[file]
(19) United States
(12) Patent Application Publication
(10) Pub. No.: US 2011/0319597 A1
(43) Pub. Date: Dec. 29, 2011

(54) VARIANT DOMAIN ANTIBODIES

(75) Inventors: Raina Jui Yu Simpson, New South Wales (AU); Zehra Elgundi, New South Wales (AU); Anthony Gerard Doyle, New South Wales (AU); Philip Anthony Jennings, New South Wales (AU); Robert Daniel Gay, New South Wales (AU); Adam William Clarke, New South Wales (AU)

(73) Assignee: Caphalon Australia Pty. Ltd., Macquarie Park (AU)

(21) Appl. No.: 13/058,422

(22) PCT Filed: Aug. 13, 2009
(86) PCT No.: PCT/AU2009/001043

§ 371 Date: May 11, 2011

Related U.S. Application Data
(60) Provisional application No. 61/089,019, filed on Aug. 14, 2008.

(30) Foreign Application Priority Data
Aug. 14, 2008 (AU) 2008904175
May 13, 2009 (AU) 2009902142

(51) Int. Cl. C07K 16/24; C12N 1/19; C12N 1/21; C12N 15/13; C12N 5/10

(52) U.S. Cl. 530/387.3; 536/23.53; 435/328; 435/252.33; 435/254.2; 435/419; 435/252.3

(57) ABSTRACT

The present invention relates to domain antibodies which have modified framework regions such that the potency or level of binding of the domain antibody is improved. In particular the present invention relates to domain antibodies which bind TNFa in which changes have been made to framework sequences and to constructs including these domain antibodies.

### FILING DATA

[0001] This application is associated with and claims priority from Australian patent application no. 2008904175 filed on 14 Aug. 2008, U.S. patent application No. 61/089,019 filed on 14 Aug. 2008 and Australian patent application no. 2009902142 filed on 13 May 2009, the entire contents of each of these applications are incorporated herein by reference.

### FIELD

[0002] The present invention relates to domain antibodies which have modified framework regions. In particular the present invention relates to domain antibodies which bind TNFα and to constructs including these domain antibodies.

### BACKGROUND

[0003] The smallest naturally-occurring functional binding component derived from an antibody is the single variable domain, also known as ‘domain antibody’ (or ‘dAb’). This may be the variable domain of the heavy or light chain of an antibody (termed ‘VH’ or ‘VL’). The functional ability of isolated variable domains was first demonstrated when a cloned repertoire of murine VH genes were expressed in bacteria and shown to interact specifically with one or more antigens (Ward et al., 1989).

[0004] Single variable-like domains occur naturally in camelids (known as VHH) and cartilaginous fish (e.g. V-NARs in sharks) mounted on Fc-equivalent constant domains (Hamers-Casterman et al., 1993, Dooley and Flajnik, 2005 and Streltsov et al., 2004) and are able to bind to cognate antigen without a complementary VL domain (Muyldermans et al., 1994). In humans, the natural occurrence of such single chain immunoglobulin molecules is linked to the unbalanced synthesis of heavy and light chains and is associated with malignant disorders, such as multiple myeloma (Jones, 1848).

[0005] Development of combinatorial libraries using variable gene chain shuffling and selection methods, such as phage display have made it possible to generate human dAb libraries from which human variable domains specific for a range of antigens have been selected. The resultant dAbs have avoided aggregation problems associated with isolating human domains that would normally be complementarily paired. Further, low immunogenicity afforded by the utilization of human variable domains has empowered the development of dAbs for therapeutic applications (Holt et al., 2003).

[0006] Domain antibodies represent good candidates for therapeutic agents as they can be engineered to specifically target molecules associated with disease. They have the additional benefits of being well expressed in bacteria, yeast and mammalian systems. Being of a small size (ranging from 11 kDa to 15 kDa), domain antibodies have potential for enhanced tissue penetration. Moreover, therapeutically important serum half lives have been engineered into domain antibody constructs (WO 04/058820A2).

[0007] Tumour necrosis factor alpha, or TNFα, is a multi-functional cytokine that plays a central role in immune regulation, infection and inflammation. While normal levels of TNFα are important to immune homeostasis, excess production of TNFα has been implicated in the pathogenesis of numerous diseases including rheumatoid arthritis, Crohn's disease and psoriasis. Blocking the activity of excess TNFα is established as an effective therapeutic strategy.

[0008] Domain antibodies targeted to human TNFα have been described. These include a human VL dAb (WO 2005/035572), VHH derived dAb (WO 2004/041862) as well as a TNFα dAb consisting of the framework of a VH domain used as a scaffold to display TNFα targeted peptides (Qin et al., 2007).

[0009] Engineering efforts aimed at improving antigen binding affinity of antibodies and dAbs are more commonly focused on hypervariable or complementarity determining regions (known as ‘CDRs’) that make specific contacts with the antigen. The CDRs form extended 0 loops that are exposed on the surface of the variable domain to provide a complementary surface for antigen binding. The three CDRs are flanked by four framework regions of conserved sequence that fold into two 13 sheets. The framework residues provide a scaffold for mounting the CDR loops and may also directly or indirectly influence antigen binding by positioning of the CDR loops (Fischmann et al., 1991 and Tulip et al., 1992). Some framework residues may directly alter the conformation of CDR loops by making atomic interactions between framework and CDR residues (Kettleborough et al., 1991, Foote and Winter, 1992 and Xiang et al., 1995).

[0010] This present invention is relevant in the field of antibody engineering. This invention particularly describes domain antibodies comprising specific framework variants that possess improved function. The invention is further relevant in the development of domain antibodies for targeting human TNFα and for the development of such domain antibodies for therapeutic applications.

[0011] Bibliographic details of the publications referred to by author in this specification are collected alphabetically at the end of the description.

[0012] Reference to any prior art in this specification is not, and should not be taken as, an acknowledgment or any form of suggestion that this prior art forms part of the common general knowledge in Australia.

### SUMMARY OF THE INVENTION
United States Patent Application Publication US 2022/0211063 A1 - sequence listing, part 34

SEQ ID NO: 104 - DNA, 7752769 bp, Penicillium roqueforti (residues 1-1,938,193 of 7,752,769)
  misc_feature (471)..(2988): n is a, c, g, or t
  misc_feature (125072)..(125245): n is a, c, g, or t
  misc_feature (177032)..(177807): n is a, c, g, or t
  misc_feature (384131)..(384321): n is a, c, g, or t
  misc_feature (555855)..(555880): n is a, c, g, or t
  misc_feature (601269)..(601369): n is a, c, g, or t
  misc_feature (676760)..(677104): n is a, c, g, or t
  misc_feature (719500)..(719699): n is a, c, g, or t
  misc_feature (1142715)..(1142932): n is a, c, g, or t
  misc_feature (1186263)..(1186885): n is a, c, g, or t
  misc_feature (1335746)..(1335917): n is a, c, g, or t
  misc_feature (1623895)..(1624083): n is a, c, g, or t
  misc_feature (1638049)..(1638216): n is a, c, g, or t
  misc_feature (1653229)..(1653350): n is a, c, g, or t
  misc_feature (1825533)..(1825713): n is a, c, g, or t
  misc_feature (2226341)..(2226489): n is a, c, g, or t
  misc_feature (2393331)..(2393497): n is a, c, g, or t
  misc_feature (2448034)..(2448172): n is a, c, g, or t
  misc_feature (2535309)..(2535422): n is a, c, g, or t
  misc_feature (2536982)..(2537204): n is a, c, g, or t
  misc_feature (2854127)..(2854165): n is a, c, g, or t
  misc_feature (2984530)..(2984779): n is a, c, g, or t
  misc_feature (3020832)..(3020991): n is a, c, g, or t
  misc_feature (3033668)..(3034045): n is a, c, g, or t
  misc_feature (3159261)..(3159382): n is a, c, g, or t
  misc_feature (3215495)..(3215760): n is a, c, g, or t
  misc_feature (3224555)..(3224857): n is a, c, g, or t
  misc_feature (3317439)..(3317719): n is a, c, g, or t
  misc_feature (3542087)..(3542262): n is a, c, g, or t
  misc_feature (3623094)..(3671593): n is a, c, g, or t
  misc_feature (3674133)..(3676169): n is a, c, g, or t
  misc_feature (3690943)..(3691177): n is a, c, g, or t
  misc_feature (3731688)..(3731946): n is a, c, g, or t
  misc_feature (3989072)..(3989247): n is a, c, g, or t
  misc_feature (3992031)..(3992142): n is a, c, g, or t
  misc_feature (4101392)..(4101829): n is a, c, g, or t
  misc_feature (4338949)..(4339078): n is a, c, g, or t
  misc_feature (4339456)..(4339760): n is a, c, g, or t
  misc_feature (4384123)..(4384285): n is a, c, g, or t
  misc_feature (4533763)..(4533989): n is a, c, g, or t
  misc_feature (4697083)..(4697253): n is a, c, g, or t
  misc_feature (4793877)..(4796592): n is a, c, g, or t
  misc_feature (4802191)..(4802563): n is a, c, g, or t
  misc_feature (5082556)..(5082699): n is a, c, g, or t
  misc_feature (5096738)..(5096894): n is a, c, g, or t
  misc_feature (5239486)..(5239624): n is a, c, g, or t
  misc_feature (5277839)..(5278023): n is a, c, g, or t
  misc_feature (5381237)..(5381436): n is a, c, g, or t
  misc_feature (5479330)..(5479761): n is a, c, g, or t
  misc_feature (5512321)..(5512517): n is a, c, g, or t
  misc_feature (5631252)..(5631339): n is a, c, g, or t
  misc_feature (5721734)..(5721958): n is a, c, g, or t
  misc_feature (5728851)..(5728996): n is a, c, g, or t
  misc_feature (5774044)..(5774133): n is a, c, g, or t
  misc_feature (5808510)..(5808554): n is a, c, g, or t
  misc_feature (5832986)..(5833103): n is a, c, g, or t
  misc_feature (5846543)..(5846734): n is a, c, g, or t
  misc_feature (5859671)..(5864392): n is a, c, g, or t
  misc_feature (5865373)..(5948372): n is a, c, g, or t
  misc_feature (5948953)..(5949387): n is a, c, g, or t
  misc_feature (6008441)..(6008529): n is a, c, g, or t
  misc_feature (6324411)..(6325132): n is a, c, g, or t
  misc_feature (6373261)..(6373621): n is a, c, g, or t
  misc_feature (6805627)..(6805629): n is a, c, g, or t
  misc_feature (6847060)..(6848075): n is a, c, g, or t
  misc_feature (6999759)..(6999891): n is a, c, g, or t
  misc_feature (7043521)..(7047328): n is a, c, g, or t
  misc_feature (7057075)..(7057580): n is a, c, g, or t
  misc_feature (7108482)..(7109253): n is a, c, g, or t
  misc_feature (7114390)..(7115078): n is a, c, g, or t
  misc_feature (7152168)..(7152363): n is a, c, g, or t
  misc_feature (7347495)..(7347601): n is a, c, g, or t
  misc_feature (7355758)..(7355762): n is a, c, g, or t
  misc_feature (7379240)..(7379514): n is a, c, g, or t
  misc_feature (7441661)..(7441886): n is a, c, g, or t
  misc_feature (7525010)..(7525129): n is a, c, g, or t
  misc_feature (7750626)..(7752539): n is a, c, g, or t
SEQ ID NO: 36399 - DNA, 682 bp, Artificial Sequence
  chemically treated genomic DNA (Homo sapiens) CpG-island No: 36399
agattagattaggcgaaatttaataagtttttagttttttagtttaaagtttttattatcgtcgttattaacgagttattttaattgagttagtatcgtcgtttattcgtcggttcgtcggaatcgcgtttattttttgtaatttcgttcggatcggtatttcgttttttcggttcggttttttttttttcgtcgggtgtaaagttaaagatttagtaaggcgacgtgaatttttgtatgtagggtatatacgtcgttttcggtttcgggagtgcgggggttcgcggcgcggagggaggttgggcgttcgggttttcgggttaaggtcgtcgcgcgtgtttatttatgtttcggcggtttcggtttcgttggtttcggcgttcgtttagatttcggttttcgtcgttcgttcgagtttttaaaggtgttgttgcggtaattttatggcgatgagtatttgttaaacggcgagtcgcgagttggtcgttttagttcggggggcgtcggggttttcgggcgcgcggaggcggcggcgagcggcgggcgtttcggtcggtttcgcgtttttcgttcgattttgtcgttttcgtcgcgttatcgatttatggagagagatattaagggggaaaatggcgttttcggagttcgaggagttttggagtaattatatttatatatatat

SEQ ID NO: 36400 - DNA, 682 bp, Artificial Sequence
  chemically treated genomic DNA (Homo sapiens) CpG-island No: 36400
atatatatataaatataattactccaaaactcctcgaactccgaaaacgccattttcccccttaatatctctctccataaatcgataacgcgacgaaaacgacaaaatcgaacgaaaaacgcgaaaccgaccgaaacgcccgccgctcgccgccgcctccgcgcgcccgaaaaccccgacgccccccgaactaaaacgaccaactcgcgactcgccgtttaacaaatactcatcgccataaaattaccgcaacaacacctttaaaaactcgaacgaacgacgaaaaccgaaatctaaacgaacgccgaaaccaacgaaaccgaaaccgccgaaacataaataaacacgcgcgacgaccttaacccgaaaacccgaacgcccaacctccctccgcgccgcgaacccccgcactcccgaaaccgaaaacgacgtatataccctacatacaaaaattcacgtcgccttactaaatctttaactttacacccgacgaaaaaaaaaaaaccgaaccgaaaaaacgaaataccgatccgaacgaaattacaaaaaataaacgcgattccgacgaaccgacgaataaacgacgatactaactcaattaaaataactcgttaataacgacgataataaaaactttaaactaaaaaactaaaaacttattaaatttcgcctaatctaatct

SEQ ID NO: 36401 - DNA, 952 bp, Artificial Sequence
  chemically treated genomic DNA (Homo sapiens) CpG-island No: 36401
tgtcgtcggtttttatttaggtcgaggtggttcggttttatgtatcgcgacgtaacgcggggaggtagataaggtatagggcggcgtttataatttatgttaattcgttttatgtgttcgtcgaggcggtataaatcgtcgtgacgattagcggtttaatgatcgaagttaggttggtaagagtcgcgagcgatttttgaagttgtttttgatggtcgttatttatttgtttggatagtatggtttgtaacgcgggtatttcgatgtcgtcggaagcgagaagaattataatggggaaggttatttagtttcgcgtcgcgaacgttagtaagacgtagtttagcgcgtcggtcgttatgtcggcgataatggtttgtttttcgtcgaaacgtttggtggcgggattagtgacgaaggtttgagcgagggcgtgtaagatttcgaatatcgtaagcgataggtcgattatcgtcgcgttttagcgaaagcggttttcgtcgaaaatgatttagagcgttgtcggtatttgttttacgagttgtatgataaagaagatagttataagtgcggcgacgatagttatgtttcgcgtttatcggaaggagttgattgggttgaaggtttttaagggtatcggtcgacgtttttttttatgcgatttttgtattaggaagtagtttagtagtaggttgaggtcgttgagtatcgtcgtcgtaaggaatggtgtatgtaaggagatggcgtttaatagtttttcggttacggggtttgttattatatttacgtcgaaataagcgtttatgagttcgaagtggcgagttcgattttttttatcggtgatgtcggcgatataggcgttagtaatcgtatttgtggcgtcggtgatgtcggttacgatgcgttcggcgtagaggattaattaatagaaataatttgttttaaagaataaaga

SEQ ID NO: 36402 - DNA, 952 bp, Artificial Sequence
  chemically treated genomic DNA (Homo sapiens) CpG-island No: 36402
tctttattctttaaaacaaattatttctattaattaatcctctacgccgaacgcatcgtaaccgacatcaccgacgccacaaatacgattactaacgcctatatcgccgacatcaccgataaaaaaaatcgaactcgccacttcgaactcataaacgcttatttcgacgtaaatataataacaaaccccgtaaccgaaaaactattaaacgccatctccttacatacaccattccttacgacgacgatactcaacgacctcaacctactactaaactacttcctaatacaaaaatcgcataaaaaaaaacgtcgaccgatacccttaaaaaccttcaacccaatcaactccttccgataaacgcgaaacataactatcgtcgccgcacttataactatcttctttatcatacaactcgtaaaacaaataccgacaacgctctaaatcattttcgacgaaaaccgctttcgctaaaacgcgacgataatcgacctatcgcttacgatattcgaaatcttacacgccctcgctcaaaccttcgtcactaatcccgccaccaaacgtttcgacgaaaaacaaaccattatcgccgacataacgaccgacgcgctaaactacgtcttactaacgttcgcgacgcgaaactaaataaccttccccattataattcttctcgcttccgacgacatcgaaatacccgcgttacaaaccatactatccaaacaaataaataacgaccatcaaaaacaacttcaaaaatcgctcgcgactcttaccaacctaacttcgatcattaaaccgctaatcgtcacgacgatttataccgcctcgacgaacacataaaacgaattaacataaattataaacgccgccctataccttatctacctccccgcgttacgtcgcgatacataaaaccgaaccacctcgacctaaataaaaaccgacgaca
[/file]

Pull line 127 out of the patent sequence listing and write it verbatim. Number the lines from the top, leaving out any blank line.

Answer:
tctttattctttaaaacaaattatttctattaattaatcctctacgccgaacgcatcgtaaccgacatcaccgacgccacaaatacgattactaacgcctatatcgccgacatcaccgataaaaaaaatcgaactcgccacttcgaactcataaacgcttatttcgacgtaaatataataacaaaccccgtaaccgaaaaactattaaacgccatctccttacatacaccattccttacgacgacgatactcaacgacctcaacctactactaaactacttcctaatacaaaaatcgcataaaaaaaaacgtcgaccgatacccttaaaaaccttcaacccaatcaactccttccgataaacgcgaaacataactatcgtcgccgcacttataactatcttctttatcatacaactcgtaaaacaaataccgacaacgctctaaatcattttcgacgaaaaccgctttcgctaaaacgcgacgataatcgacctatcgcttacgatattcgaaatcttacacgccctcgctcaaaccttcgtcactaatcccgccaccaaacgtttcgacgaaaaacaaaccattatcgccgacataacgaccgacgcgctaaactacgtcttactaacgttcgcgacgcgaaactaaataaccttccccattataattcttctcgcttccgacgacatcgaaatacccgcgttacaaaccatactatccaaacaaataaataacgaccatcaaaaacaacttcaaaaatcgctcgcgactcttaccaacctaacttcgatcattaaaccgctaatcgtcacgacgatttataccgcctcgacgaacacataaaacgaattaacataaattataaacgccgccctataccttatctacctccccgcgttacgtcgcgatacataaaaccgaaccacctcgacctaaataaaaaccgacgaca